The State of Texas filed a reply brief today defending Texas Attorney General Greg Abbott’s position that the voter ID suits filed by the Justice Department and by African-American and Hispanic voters should be dismissed without need for a trial.
In addition to challenging the standing of some of the individual and organizational plaintiffs, the brief reiterated the state’s contention that the claims should be dismissed because the Texas voter ID law was “no more difficult than ‘the usual burdens of voting’” and argued that the plaintiffs had failed to “produce or allege the existence of any person, of any race, who could not get a free EIC because of anything other than what may be fairly characterized as that person’s choice.”
The brief also took sharp issue with the claim by DOJ and minority plaintiffs that the Texas law was far more restrictive than the Indiana voter ID upheld by the Supreme Court in 2008 in Crawford. Indeed, the state argued that Texas’ law was less restrictive in some respects, e.g., pointing to the state’s administrative enactment of a $3 fee for birth certificates if needed by a person to obtain an election identification certificate. (The brief did not address birth certificates needed by people born outside of Texas.)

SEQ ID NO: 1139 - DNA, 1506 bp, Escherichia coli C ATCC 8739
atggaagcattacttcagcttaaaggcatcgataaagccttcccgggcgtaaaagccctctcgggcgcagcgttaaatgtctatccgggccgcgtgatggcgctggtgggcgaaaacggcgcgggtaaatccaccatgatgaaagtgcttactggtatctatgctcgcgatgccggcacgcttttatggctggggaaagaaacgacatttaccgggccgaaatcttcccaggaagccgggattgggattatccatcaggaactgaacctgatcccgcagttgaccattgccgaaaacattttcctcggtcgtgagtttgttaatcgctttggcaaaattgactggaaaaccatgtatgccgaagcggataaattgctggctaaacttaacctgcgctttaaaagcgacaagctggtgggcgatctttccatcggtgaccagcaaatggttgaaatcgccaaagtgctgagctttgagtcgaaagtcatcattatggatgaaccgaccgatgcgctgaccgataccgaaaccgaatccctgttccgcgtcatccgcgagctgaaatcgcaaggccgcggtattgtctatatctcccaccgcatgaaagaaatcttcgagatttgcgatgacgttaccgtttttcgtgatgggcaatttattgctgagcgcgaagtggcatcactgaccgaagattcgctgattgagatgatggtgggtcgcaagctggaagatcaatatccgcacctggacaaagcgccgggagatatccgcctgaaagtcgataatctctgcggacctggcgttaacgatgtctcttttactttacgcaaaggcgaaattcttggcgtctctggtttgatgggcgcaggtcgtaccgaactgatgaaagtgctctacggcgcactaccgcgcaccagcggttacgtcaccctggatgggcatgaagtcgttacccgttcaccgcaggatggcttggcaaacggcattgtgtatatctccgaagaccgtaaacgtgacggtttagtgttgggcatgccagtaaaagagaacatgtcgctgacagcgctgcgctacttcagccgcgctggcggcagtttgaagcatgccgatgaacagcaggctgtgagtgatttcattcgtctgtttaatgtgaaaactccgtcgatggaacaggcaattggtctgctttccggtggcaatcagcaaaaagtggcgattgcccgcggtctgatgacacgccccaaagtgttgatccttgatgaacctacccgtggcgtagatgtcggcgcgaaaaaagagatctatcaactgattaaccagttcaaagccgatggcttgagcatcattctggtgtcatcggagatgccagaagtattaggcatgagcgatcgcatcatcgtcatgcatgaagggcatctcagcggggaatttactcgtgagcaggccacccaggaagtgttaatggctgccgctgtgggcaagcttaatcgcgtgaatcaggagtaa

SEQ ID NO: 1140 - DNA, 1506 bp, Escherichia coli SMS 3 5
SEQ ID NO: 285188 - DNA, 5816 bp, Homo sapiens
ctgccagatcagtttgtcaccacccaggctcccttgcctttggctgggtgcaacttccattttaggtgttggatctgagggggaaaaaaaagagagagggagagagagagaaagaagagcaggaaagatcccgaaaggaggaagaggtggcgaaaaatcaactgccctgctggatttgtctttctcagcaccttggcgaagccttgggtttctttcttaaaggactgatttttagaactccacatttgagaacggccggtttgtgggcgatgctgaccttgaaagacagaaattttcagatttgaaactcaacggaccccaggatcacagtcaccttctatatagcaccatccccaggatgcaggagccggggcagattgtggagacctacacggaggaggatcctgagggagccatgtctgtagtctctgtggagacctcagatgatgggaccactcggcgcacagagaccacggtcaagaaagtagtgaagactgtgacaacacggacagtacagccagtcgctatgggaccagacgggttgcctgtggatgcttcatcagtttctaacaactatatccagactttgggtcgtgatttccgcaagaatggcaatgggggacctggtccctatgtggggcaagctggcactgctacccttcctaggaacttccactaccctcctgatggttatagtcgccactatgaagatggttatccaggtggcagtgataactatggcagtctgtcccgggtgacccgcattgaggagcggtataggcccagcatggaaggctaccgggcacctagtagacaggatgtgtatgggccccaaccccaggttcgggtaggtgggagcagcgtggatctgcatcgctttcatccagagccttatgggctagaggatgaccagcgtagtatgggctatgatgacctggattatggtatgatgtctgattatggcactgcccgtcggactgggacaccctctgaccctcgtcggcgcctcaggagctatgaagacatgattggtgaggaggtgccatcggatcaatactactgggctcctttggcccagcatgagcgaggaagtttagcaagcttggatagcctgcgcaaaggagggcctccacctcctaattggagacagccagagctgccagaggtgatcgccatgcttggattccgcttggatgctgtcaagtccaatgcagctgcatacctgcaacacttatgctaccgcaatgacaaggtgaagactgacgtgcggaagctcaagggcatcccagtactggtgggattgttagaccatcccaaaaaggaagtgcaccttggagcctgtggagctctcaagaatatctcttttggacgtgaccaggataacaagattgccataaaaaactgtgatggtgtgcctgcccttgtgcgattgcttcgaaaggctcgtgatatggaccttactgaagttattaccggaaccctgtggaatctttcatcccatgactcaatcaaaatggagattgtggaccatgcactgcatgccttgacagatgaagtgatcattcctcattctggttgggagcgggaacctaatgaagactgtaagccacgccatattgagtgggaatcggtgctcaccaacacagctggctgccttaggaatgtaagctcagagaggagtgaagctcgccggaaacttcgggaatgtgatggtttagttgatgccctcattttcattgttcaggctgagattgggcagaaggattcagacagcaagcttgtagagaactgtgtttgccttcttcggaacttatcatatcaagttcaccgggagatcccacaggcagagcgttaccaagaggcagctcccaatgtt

The state also rejected the notion that the law could be the product of intentional discrimination, citing, among other things, polling showing that voter ID laws were popular among African-Americans and Hispanics in Texas as well as recommendations of the election reform commission headed by former President Jimmy Carter and former Secretary of State James Baker.
Last but not least, the state continued to draw a hard line with respect to ‘results test’ in section 2 of the Voting Rights Act, contending that the test - if applied as DOJ and minority plaintiffs wanted - would unconstitutionally impose liability for disparate impact alone. Although DOJ pointed to precedent which it said held otherwise, the state took the position that precedent cited by DOJ should be read as only addressing redistricting cases.
With today’s filing, briefing on the state’s motion to dismiss is now complete.
Judge Nelva Gonzales Ramos has not said whether she will hold oral argument on the motion or when she will decide the motion.